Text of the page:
Geologists have improved upon methods to map seabed rocks, helping us better understand underwater earthquakes and the tsunamis they can cause.
Stanford researchers have analyzed mountain ranges worldwide to show that a theory relating erosion and mountain height doesn't always add up.
Using an automated method to create a high-resolution map of the seismic velocity below the seafloor, researchers from Kyushu University found a large-scale gas reservoir in an area where the Earth's upper layers are being separated. This reservoir, the first of its kind, and the potential for others like it could have implications from natural resource or environmental standpoints depending on whether the trapped gas is methane or carbon dioxide and whether it remains trapped.
A new model for plasma flow within the sun provides novel explanations for sunspots, the 11-year sunspot cycle, solar magnetic reversals and other previously unexplained solar phenomena.
Weathering of subsurface rock in the Southern Sierra Nevada Mountains of California occurs due more to rocks expanding than from chemical decomposition.
New geophysics research challenges the conventional view of how a vital and life-sustaining feature of weathered rock is created.
The sea-ice extent in the Arctic is nearing its annual minimum at the end of the melt season in September. Only circa 3.9 million square kilometres of the Arctic Ocean are covered by sea ice any more, according to researchers from the Alfred Wegener Institute and the University of Bremen.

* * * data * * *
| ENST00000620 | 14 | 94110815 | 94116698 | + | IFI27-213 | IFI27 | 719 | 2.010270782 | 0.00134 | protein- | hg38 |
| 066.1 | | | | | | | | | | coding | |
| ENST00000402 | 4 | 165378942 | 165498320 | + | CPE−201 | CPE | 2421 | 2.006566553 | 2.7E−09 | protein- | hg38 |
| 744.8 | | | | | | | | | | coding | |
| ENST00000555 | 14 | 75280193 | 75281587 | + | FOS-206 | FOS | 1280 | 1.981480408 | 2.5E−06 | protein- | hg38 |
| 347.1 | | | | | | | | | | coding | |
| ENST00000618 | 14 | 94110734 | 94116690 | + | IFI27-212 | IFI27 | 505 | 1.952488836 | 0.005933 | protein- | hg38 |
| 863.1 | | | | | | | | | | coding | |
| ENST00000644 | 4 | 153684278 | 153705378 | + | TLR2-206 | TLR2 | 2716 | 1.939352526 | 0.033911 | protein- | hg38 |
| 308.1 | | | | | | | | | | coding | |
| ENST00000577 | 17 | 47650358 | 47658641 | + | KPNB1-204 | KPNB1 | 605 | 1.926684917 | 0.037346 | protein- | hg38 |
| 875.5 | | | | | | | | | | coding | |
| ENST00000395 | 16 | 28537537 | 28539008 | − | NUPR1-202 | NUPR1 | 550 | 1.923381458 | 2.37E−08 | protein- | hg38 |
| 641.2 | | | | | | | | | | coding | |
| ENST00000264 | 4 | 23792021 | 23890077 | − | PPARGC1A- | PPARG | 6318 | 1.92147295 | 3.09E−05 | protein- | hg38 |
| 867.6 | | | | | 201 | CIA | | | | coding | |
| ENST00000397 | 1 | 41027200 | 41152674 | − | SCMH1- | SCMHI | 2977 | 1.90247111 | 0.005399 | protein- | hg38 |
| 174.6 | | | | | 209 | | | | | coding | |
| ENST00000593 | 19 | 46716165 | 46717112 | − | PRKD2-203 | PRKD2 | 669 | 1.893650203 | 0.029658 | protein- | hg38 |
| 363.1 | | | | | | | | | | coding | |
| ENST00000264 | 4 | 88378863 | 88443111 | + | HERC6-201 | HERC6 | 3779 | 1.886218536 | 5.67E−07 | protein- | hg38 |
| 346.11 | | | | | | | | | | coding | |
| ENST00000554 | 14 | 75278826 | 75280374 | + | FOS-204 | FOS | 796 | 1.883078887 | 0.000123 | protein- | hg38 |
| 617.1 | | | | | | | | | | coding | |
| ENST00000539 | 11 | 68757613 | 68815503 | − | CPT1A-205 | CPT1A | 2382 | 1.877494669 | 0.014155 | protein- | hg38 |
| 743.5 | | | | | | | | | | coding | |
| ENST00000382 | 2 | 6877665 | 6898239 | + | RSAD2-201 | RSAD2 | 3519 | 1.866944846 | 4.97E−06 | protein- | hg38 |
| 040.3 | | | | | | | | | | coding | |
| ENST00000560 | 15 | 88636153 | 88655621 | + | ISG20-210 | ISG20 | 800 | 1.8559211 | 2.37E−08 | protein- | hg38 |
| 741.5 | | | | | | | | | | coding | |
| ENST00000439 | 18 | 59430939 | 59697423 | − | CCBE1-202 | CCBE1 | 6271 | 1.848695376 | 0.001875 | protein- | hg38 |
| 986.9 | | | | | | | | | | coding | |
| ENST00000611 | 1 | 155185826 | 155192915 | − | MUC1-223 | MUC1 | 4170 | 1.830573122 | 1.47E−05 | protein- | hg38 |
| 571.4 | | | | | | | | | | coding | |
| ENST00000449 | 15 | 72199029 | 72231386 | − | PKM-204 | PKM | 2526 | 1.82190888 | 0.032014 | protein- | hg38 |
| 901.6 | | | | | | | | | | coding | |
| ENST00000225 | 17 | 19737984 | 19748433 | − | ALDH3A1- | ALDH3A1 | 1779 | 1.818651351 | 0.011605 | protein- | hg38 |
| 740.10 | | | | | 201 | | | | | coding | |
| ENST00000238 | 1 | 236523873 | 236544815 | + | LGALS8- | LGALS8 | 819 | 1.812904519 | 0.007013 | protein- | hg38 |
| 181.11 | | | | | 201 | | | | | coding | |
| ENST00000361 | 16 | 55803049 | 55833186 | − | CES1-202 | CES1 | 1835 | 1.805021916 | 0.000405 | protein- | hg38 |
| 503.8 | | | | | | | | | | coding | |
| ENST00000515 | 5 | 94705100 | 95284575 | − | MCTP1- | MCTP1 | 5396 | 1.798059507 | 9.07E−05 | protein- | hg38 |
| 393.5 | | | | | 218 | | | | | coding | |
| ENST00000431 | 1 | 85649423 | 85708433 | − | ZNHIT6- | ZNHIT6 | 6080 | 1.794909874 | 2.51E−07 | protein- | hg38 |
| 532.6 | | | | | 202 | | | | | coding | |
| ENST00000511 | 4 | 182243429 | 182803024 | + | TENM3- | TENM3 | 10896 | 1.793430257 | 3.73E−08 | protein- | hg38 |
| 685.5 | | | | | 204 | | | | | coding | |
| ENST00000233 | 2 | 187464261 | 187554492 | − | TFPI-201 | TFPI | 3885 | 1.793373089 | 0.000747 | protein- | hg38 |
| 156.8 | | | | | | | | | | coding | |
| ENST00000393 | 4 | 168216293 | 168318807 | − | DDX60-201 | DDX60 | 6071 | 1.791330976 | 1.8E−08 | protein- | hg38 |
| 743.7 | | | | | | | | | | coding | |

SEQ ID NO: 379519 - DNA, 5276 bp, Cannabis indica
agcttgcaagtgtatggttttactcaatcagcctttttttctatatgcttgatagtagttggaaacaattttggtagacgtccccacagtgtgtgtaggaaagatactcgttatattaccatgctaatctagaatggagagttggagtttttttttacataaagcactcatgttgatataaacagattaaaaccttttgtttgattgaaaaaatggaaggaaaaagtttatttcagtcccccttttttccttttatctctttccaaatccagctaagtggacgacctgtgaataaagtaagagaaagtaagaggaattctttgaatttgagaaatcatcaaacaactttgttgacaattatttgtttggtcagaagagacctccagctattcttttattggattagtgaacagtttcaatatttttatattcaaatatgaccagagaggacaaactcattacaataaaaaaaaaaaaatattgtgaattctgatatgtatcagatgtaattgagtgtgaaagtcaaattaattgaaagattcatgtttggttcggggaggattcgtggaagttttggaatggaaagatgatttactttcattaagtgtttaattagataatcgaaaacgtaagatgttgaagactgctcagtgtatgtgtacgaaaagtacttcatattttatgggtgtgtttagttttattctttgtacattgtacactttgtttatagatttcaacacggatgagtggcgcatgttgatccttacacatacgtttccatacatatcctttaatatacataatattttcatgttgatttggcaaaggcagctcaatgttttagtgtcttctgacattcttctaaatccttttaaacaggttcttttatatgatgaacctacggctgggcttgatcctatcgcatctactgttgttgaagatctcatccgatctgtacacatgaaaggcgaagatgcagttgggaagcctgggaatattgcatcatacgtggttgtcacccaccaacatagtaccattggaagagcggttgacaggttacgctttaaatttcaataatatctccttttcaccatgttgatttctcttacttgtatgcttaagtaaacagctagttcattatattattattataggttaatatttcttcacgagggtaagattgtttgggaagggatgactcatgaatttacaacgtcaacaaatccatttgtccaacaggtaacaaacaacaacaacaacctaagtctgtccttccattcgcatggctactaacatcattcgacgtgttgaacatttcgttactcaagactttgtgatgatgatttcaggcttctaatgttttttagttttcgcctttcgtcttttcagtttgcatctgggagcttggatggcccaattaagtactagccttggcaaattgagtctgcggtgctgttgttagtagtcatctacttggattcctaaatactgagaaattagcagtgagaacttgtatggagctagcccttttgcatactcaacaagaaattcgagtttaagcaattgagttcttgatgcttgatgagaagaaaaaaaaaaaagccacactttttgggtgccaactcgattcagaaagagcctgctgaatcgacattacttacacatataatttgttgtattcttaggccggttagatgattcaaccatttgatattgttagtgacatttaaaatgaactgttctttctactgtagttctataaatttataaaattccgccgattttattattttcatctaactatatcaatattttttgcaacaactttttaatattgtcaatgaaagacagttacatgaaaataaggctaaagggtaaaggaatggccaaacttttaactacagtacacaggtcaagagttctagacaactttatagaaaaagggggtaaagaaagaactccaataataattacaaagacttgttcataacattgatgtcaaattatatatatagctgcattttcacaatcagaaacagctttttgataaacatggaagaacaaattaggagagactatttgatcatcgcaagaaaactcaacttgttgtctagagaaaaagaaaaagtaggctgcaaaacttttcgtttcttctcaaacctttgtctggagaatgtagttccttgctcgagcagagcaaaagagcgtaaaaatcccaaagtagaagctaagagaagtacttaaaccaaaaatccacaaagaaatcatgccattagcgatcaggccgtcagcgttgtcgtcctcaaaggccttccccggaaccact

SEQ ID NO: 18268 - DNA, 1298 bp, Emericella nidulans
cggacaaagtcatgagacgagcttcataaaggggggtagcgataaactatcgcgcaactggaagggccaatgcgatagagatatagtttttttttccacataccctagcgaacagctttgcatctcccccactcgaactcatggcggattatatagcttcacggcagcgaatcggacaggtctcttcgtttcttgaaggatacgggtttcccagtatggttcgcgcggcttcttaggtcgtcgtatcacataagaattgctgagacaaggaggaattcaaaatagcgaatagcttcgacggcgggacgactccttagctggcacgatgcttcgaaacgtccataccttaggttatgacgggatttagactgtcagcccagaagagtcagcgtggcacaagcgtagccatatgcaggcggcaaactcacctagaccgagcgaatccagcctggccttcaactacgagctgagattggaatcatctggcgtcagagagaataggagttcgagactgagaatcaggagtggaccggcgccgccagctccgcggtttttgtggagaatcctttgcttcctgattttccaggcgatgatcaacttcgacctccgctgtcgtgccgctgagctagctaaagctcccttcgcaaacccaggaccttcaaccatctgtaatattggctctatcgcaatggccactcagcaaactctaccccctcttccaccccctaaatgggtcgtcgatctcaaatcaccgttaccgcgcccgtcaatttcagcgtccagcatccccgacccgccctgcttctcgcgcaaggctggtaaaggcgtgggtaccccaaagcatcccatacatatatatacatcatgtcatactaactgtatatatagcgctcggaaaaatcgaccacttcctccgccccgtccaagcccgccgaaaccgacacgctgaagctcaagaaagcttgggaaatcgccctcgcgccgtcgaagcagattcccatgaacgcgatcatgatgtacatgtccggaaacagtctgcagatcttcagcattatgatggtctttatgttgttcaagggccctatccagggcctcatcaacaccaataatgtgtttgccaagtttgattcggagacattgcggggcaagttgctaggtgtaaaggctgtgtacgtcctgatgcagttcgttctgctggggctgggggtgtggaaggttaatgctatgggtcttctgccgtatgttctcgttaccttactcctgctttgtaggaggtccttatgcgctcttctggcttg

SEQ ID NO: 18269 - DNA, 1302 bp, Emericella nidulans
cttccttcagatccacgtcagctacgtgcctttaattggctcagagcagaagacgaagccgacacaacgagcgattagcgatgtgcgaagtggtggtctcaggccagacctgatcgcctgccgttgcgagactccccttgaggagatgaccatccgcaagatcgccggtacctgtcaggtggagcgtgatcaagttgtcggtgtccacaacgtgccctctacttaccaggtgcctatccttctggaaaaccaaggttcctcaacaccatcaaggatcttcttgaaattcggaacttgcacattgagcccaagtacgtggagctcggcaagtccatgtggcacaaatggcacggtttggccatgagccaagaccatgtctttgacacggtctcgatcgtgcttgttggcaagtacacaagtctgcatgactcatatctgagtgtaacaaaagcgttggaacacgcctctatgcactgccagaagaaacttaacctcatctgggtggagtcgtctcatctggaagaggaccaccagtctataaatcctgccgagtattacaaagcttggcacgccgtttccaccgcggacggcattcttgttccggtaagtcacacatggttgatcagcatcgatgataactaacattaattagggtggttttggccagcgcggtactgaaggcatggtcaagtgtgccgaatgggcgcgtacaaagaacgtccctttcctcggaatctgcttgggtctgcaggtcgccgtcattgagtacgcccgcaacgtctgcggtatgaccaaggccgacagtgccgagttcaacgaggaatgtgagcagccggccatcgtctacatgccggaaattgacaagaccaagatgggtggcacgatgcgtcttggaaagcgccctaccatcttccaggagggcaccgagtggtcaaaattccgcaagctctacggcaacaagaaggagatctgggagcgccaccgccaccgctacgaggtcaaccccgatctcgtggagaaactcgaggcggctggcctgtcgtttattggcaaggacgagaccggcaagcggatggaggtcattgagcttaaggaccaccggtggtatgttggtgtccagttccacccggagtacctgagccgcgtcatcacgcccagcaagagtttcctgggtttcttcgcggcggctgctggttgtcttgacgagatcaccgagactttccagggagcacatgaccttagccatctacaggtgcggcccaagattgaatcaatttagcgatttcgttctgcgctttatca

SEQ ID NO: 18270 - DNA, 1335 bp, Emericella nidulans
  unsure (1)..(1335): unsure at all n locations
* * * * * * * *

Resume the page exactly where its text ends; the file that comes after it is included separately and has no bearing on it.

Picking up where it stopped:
Groundwater is essential for growing crops, but new research shows climate change is making it harder for soil to absorb water from rainfall. While the idea that soil particles rearrange in response to environmental conditions is not new, scientists once thought these shifts happened slowly. Not anymore. New research shows increased rainfall reduces the rate water moves into soil, and that this change only takes a few years or decades, not centuries as previously assumed.
Nuclear reactors are still the primary source for strong neutron beams to create isotopes for geologic dating, radiography and medicine, but researchers at UC Berkeley have enlisted engineering students in building a tabletop neutron source that could be nearly as effective. A new study shows that the high flux neutron generator can date rocks as old as 1 million years, as well as fine-grained materials like lavas and clays, extending the usefulness of argon-argon dating.
After noticing how the construction of dams significantly alter the hydrodynamics of natural rivers and the resulting downstream riverbed evolution, researchers decided to apply numerical simulations to help determine what's at play in the relationship of sediment motion and flow conditions.